Jones served as a crossing guard at the national Women’s March in Washington that day.

“I knew after the election that night, I knew my time in public service would be different,” she said.

If elected, Jones, who is a first generation Filipino-American, would be the first Texan of an Asian-American background and the first openly LGBT Texan to serve in Congress.

Jones recently earned the endorsement of EMILY’s List, a Democratic fundraising juggernaut that backs female Democratic candidates who support abortion rights.

That so many women are running – some in the same primaries – has created a sticky situation with the group, which has also endorsed Escobar and Lizzie Pannill Fletcher of Houston, both of whom are running in competitive primaries that include other women. Fenenbock called EMILY’s List decision to endorse her primary opponent “extraordinarily frustrating.”

“I have many friends who have given fundraisers for EMILY’s List and have friends, including myself, who have supported it for years,” Fenenbock said. “This is a bad trend, right now. We have women running, we should be supporting women who are running rather than pit them against each other. I don’t understand.”

“They’re getting a lot of phone calls about this race,” she added.

An end to the drought

There are dozens more women running for Congress in Texas, and the next round of campaign finance filings at the end of the month will show which candidates are prepared for the lead up to the March 6 primary.

Democrats Laura Moser, who is in the race to take on U.S. Rep. John Culberson, R-Houston, and Lillian Salerno, who is running in the primary to run against U.S. Rep. Pete Sessions, R-Dallas, are among those who already posted strong fundraising reports last year.

But many of these candidates are still getting their footing with fundraising. Some could burst through into a runoff as the March 6 primary looms. Other candidates running in long-shot races could emerge as serious contenders if a strong enough Democratic wave sweeps through Texas and catches an incumbent or two napping.

But even if some of these women run the best campaigns possible, many are likely to come up short anyway. Some are running in the wrong party to win their seat. In other cases, open seats and Trump ire have similarly attracted talented male candidates as well.

And for the women hoping to take on Sessions, Culberson and Hurd – three Republican incumbents drawing strong attention from Democrats this year – it’s worth remembering that incumbents keep returning to Congress year in, year out for a reason: They know how to win in their districts.

Regardless, the influx of enthusiasm and candidates means that it is very likely that a year from now, at least one woman from somewhere in the state will be sworn into the Congress for the first time.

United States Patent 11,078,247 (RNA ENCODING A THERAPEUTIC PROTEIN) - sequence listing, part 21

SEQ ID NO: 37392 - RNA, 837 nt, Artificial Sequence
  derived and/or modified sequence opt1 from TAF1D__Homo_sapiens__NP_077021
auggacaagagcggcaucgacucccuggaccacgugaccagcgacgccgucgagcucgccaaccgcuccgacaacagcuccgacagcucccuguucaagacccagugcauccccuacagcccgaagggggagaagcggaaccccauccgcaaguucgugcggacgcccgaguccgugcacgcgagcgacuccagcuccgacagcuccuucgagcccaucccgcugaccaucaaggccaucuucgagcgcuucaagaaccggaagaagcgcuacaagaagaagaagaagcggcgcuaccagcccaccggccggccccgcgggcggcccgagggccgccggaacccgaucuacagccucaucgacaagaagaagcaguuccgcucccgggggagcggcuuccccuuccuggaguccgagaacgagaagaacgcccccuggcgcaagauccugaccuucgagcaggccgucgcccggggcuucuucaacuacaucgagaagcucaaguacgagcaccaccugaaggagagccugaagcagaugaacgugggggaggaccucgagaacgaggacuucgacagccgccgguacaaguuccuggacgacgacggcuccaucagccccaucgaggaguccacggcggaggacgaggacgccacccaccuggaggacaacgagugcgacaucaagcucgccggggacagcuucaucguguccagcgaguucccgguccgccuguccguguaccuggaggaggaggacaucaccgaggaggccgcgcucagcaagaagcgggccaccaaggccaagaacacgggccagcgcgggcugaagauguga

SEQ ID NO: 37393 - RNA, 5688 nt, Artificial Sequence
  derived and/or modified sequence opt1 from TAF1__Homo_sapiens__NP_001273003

Few of the women interviewed for this story initially understood of the historical stakes of their campaigns.

Pounds, the Republican running in East Texas, downplayed gender in her race.

“I am a conservative who happens to be a woman, not a conservative running as a woman, and I’m honored by the overwhelming support I’ve earned across all 7 counties in the short period of time since announcing my candidacy,” she wrote in an email.

Fletcher, one of the Houston candidates, took the opposite tack. She first became aware of the decades-long drought during a May interview with The Texas Tribune and has since used that as a rallying point among her female supporters.

“When I tell people that here, they’re similarly shocked,” she said. “Especially women.”

Democratic state Rep. César Blanco was the one who told Escobar, one of the El Paso candidates, that no Texas Latina had ever served in Congress.

“I thought that had to be some kind of mistake,” she said. “I could not believe that was really the case. I didn’t quite believe it because it does seem so shocking.”

She hopes she will not be the only one to make it. She considers Garcia, the Houston state senator, to be a friend and hopes they can break the glass ceiling together.

“It would be incredible to be in the freshman class with her, but also incredible by [not just sending] one Latina but by sending two,” Escobar said.

Patrick Svitek contributed to this report. 

Disclosure: Jenifer Sarver has been a financial supporter of The Texas Tribune. A complete list of Tribune donors and sponsors is available here.

Read related Tribune coverage:

  • In South Texas, a candidate named Dolly Elizondo had a chance to make history as the first Latina from Texas to serve in Congress. Those involved say she struggled to translate national interest into sufficient local support. [Full story]
  • Texas has just three women in its 38-member congressional delegation, and hasn’t sent a new long-term congresswoman to Washington in almost 20 years. Many in both parties wonder why the state’s once-promising fount of woman candidates is running dry. [Full story]
  • Congress passed a massive tax cut bill last month. Here’s how all 38 Texans voted. [Full story]

Author:  ABBY LIVINGSTON – The Texas Tribune